Our problem was how we differentiated ourselves from the competition, which at that time had only two facets of value: door-to-door delivery and a large catalog of long-tail titles. Many customers were lukewarm about this as they said they actually like going to video stores which are usually near their homes or other stores they visit anyway and most customers wanted just the big hits.

After making the last of the rentals free, most customers returned to their Blockbuster or Hollywood Video store. What could we do to stay ahead? We tried internet pop-ups, which were early and annoying. We’ve created a Netflix-branded plastic DVD stand that you can place on your TV. Nothing seemed to work and we began to desperately search for an improvement to our model that would truly convert our customers.

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How We Launched Netflix’s Subscription Service

The big innovation started one day in the summer of 1999 when the management team visited the San Jose warehouse and discussed the failure of all those band-aids to create real traction for our service. I remember Netflix CEO Reed [Hastings] looking at all the boxes of DVDs and turning to about the seven of us and saying, “What are all these DVDs doing here in the warehouse where they’re not doing us any good? Shouldn’t they be with our customers? And with that, the executives each left to see how we could move inventory closer to customers sitting at home ready to watch. I believe the story of all sales has been, the faster you can satisfy a customer need from when they want your product to when they can use it, the more successful you are.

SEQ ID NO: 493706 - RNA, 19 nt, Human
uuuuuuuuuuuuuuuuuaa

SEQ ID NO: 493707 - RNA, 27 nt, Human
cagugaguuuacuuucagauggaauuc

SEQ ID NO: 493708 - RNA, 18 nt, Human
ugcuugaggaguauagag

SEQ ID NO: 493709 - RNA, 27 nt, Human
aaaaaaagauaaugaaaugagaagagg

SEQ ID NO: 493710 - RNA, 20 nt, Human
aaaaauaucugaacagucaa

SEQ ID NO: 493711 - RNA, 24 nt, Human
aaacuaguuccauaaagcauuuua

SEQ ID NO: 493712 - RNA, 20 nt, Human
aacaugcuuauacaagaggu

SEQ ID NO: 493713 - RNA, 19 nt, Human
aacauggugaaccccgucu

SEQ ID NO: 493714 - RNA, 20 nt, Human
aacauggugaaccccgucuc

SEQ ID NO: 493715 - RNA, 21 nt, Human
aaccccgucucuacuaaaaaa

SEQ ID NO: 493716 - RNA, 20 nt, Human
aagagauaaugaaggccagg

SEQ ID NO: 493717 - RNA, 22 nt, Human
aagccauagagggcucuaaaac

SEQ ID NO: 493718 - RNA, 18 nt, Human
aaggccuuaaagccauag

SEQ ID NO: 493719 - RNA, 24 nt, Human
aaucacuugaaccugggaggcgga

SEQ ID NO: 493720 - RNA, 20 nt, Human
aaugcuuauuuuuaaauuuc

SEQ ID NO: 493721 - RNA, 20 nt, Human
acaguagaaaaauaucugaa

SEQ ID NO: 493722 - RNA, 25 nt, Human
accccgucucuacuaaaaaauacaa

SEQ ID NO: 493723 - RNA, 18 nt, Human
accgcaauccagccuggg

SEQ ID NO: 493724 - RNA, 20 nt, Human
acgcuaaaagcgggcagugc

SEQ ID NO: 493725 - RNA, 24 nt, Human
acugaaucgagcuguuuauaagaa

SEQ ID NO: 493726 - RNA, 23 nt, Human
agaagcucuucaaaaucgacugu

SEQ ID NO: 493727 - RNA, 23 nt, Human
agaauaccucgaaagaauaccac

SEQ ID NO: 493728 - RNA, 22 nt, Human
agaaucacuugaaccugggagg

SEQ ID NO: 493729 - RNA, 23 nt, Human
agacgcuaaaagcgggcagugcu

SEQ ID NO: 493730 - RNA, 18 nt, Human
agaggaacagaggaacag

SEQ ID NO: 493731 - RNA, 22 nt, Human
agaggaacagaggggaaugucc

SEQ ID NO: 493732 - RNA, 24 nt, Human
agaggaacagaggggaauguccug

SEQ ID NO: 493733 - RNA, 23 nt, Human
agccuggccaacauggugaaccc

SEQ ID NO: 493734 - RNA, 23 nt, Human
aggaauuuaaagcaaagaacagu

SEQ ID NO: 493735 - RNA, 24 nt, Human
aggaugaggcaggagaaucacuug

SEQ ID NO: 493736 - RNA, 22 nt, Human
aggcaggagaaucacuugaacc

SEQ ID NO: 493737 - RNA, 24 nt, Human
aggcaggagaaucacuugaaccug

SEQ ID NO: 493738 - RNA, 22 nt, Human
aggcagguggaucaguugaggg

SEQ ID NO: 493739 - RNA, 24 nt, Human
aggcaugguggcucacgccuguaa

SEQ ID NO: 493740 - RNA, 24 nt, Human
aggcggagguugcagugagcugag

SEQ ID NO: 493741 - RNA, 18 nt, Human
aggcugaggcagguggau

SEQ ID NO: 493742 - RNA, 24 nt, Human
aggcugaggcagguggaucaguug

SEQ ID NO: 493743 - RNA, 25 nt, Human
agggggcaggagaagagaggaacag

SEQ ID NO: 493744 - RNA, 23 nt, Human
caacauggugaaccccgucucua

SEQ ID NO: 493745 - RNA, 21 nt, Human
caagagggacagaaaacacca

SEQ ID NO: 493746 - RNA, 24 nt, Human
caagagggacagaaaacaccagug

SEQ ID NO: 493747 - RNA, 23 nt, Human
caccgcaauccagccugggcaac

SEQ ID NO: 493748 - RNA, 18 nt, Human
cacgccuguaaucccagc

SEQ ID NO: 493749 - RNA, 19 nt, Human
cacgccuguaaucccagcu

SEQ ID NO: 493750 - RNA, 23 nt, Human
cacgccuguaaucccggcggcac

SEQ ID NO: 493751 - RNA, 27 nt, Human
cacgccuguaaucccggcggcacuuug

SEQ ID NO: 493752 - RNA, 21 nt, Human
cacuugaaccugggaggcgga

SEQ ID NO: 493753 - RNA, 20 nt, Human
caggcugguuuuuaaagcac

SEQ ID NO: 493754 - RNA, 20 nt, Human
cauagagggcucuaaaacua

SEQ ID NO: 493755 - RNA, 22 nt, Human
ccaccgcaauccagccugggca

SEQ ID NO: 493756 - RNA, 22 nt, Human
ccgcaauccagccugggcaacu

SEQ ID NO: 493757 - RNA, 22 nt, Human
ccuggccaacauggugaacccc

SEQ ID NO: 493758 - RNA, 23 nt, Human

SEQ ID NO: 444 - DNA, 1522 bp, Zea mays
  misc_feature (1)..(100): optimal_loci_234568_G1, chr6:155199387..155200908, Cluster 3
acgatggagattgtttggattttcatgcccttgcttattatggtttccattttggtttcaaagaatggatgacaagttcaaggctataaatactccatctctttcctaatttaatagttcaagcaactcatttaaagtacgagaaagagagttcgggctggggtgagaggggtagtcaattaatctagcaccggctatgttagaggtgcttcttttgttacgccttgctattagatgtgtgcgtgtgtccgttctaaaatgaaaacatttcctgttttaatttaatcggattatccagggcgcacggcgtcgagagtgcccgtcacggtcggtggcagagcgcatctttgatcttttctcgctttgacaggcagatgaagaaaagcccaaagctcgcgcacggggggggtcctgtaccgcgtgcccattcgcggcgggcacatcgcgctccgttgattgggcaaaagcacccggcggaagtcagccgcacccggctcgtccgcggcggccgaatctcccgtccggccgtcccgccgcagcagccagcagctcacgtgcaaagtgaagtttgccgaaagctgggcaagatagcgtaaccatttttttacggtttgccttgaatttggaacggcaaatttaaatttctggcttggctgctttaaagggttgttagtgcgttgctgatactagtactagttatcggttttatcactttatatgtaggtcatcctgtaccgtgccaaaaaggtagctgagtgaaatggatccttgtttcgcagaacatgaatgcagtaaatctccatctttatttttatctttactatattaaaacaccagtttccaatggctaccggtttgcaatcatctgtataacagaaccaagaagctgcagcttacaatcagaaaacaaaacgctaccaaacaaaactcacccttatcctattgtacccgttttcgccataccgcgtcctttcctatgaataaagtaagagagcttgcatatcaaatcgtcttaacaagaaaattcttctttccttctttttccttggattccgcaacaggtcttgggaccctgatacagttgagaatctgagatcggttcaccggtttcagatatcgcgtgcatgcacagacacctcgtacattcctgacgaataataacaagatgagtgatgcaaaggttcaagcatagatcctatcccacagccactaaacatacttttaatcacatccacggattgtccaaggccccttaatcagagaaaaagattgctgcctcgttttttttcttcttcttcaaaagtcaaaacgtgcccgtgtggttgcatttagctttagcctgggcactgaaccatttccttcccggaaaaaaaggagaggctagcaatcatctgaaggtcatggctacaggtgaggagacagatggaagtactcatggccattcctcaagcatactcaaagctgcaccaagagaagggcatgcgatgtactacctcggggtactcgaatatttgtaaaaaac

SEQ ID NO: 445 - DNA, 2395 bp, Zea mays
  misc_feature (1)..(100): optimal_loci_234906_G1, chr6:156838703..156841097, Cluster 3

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First, Marc and the store team came up with the concept of a subscription that would give each customer four movies of their choice to have at home, ready to watch at any time (solving the problem of immediacy ); they could return them one at a time and receive another movie of their choice within days. Marc’s team also came up with the queue that the client would use to list the movies they wanted to see. So when Netflix received one of the four DVDs, it picked the next in-stock movie from the customer’s queue and sent it immediately (solving the shopping fatigue problem). We delivered all of that for the cost of about four movies at Blockbuster.